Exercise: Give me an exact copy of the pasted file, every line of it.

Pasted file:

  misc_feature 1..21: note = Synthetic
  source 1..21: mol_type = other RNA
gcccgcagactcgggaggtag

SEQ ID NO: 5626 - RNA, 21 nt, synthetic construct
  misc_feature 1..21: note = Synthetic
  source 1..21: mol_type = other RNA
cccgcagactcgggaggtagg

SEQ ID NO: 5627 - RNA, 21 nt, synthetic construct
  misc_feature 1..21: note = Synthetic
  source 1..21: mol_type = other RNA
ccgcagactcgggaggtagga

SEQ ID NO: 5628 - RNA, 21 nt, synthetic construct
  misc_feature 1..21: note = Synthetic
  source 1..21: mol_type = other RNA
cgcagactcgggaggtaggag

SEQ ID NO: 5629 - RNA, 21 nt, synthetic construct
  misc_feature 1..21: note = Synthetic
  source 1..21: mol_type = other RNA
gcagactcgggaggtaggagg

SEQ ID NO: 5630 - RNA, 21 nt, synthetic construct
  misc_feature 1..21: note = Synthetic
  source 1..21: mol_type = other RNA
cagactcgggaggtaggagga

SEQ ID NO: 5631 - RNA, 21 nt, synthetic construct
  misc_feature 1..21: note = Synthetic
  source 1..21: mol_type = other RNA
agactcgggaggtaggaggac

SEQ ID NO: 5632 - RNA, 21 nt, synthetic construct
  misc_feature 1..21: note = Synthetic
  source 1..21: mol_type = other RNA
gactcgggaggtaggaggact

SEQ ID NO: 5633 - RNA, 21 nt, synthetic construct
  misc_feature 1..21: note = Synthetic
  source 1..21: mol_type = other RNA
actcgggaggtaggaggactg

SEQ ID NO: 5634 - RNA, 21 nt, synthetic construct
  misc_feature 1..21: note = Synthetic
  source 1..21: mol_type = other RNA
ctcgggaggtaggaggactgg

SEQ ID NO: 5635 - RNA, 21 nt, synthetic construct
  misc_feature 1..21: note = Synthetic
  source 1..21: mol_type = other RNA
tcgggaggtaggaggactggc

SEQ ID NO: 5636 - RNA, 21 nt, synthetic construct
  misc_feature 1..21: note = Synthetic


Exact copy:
  misc_feature 1..21: note = Synthetic
  source 1..21: mol_type = other RNA
gcccgcagactcgggaggtag

SEQ ID NO: 5626 - RNA, 21 nt, synthetic construct
  misc_feature 1..21: note = Synthetic
  source 1..21: mol_type = other RNA
cccgcagactcgggaggtagg

SEQ ID NO: 5627 - RNA, 21 nt, synthetic construct
  misc_feature 1..21: note = Synthetic
  source 1..21: mol_type = other RNA
ccgcagactcgggaggtagga

SEQ ID NO: 5628 - RNA, 21 nt, synthetic construct
  misc_feature 1..21: note = Synthetic
  source 1..21: mol_type = other RNA
cgcagactcgggaggtaggag

SEQ ID NO: 5629 - RNA, 21 nt, synthetic construct
  misc_feature 1..21: note = Synthetic
  source 1..21: mol_type = other RNA
gcagactcgggaggtaggagg

SEQ ID NO: 5630 - RNA, 21 nt, synthetic construct
  misc_feature 1..21: note = Synthetic
  source 1..21: mol_type = other RNA
cagactcgggaggtaggagga

SEQ ID NO: 5631 - RNA, 21 nt, synthetic construct
  misc_feature 1..21: note = Synthetic
  source 1..21: mol_type = other RNA
agactcgggaggtaggaggac

SEQ ID NO: 5632 - RNA, 21 nt, synthetic construct
  misc_feature 1..21: note = Synthetic
  source 1..21: mol_type = other RNA
gactcgggaggtaggaggact

SEQ ID NO: 5633 - RNA, 21 nt, synthetic construct
  misc_feature 1..21: note = Synthetic
  source 1..21: mol_type = other RNA
actcgggaggtaggaggactg

SEQ ID NO: 5634 - RNA, 21 nt, synthetic construct
  misc_feature 1..21: note = Synthetic
  source 1..21: mol_type = other RNA
ctcgggaggtaggaggactgg

SEQ ID NO: 5635 - RNA, 21 nt, synthetic construct
  misc_feature 1..21: note = Synthetic
  source 1..21: mol_type = other RNA
tcgggaggtaggaggactggc

SEQ ID NO: 5636 - RNA, 21 nt, synthetic construct
  misc_feature 1..21: note = Synthetic